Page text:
Jasper Cropsey's painting, Mounts Adam and Eve, Orange County, New York, is a splendid example of the artist's gift for meticulously rendering the light and atmosphere of an autumn afternoon. In this work, Cropsey reveals "the two sides of the complex philosophical debate that engaged many nineteenth century landscape painters: the importance of the real versus the ideal in the representation of nature." (E.M. Foshay, Jasper F. Cropsey: Artist and Architect, New York, 1987, p. 19)
In Mounts Adam and Eve, Orange County, New York Cropsey presents a serene late afternoon landscape. In the right foreground, the artist has included two cows who rest on the hillside, with a distant vista of water and sky behind them. Each element of the landscape has been articulated with the artist's characteristic meticulous attention to detail. Cropsey's brilliant palette imbues the scene with a poetic beauty. The warm autumnal coloring of the blazing yellows, reds and oranges are contrasted with the subdued tones of lavender, pink, yellow and blue of the distant hills and reflections. Cropsey creates a visually dramatic scene transforming a landscape into a dramatic and meticulous rendition of nature through his rich depiction of light.
The present painting depicts a view of Mounts Adam and Eve as seen from Cropsey's former summer home "Aladdin" near Warwick, New York. Standing on his front lawn looking west, Cropsey could see the twin mountains and southern Catskills beyond. Mounts Adam and Eve was among Cropsey's favorite subjects, and he depicted this view on several occasions. Four other paintings of the subject are known: Mounts Adam and Eve (1872, Reynolda House, Winston-Salem, North Carolina), Mounts Adam and Eve (1879, private collection, New York), Mounts Adam and Eve (1884, private collection, New York) and a watercolor, Mounts Adam and Eve, Winter (1885, private collection, Montclair, New Jersey). The present painting depicts a slightly different perspective of the mountains than the other works. According to Dr. Kenneth W. Maddox, "The large lake in the foreground is a complete fabrication on the part of the artist. The area was known as the 'drowned lands' and in the distant past was covered with water which has produced the rich black soil that is now ideal for growing onions. There may have been some marshy areas, but there was no body of water during Cropsey's time." (unpublished letter, March 27, 2007) Painted after Cropsey had relocated to Hastings-on-Hudson, it may have been done as a reminiscence of his happy and prosperous years at "Aladdin."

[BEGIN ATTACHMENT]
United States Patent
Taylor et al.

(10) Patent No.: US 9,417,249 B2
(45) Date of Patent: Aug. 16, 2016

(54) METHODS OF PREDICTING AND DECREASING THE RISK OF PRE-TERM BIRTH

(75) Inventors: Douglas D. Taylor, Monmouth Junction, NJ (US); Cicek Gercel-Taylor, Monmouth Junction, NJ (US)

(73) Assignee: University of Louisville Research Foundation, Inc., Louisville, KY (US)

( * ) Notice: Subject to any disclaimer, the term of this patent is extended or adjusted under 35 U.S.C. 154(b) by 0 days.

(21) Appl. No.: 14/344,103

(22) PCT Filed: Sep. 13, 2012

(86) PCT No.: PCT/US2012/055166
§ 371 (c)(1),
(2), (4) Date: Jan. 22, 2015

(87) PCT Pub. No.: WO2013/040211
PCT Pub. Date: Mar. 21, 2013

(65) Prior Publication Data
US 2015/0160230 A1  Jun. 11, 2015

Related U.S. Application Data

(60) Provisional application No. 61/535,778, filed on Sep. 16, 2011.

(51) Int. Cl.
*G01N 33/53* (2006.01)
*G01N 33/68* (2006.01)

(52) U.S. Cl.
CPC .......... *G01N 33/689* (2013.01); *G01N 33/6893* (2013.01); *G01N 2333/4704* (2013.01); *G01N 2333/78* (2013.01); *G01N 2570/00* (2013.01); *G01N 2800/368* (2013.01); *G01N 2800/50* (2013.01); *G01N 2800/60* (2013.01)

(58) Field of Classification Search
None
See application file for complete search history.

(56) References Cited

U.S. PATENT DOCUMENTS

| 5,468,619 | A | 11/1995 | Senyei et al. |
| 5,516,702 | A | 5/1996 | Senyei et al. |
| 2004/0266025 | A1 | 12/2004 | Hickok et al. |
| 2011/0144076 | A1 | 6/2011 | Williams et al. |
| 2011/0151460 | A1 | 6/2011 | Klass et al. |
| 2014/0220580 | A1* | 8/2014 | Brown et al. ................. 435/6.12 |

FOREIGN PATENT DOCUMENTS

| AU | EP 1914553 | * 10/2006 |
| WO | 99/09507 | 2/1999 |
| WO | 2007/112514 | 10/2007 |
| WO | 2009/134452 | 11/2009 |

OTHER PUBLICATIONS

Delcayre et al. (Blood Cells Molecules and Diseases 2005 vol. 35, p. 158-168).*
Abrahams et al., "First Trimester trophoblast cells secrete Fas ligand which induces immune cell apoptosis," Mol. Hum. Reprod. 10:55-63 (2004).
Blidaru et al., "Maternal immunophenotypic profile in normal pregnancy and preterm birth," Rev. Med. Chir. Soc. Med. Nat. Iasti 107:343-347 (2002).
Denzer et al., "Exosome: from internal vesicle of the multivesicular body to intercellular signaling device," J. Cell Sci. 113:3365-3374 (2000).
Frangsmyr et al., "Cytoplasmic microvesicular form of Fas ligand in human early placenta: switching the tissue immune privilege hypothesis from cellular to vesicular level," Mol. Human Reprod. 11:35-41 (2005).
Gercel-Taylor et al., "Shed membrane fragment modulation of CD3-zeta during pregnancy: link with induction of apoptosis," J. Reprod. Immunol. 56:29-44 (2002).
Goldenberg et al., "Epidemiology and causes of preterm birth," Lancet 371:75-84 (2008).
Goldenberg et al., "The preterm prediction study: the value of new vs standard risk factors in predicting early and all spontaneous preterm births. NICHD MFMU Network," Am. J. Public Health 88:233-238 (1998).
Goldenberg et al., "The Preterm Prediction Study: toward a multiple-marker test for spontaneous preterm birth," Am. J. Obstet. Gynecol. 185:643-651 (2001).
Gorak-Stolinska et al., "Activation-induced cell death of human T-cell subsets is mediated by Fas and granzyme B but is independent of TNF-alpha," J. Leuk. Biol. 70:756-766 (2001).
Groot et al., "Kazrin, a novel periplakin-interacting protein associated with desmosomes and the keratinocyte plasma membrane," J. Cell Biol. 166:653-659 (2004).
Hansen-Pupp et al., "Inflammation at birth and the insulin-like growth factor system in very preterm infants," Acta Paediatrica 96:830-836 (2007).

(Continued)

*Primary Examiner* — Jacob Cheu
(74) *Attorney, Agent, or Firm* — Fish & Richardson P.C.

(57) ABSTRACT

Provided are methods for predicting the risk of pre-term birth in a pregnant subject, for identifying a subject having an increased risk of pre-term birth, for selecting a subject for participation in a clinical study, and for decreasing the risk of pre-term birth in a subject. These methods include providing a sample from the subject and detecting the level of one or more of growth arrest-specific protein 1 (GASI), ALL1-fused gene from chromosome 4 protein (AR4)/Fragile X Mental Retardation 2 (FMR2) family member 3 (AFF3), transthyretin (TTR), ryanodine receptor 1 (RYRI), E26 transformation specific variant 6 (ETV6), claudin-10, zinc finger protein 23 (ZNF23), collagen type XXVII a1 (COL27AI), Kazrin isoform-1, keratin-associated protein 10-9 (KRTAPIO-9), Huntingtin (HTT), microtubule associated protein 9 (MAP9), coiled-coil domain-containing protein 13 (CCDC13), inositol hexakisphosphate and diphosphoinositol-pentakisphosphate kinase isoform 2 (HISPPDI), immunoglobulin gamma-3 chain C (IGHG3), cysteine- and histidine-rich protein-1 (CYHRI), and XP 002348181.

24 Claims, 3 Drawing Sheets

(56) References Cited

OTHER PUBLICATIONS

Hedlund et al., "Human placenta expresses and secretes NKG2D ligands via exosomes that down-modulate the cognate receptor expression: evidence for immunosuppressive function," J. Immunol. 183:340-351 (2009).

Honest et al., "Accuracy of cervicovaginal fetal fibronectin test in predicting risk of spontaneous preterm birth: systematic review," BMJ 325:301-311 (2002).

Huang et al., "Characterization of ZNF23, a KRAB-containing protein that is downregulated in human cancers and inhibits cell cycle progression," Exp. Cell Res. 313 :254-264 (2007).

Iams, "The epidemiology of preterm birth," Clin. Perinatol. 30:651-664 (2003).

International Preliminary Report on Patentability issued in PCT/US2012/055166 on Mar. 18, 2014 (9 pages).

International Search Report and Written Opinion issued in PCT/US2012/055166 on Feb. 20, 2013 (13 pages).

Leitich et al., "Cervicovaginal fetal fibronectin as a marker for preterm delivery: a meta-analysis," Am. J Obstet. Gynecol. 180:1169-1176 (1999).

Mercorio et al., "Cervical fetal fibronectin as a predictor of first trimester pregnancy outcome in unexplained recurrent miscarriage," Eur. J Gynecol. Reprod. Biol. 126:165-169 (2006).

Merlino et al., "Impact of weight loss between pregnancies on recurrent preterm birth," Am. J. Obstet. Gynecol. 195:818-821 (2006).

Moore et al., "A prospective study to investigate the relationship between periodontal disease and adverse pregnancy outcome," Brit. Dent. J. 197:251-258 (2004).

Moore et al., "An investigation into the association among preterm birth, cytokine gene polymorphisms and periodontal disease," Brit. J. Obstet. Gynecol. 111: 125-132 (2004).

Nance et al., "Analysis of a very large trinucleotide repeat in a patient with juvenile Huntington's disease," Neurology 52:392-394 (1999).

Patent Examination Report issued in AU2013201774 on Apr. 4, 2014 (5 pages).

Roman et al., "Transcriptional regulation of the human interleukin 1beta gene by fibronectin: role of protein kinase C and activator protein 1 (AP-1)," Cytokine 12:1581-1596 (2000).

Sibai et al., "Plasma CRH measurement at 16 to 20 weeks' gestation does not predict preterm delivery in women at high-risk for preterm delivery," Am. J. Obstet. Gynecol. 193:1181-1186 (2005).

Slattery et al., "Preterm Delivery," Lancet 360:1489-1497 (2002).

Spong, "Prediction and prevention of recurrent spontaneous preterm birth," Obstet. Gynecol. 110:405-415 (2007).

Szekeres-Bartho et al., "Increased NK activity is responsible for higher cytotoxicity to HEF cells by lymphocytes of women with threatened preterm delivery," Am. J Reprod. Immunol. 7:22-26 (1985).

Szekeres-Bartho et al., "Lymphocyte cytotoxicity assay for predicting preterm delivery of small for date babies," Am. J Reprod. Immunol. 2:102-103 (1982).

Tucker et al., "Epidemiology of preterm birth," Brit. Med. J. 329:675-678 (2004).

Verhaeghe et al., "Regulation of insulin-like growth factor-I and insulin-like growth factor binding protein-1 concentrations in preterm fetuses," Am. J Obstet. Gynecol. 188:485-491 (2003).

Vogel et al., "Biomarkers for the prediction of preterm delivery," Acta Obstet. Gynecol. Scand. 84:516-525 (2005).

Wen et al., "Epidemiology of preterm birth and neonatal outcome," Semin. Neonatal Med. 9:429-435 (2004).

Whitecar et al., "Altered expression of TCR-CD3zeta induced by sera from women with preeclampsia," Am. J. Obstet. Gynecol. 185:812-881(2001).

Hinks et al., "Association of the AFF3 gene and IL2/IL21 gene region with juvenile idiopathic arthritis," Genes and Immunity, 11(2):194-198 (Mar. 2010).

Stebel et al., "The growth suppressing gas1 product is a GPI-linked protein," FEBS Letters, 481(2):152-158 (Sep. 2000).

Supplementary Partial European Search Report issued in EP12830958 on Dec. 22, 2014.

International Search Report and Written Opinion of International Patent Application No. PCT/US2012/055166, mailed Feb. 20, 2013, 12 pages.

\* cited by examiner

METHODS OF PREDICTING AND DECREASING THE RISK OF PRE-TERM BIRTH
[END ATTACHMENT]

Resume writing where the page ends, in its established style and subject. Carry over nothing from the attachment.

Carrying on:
The inspiration that Cropsey found in the view of Mounts Adam and Eve is once again championed in this work which demonstrates the artist's "desire to capture both the visual and affective qualities of the changing seasons. The undisputed beauty and infinite variety of nature in America inspired Cropsey and other artists of his generation to observe it closely, explore it, make sketches of sites and details, and, ultimately, canonize it in large-scale paintings. These paintings were a tribute to the potential of America's landscape, as a reflection of its creator, to bring its inhabitants closer to God and to help forge a national identity sanctified by this connection." (Jasper Francis Cropsey: Artist and Architect, p. 18)
Jasper Cropsey's superb renderings of the nineteenth century American landscape are exceptionally articulate visions of nature as an American Eden. In Mounts Adam and Eve, Orange County, New York, Cropsey has used his richest artistic resource to demonstrate his declaration that the "...best poetry as well as the best paintings [are] those inspired by nature. He most admired those works by Cole which were the nearest transcripts of nature, declaring the idealization or imagination had produced nothing to compete with them." (W.S. Talbot, Jasper F. Cropsey, Washington, D.C., 1970, p. 17)
This painting will be included in the forthcoming catalogue raisonné, of the works of Jasper Francis Cropsey by the Newington-Cropsey Foundation, Hastings-on-Hudson, New York.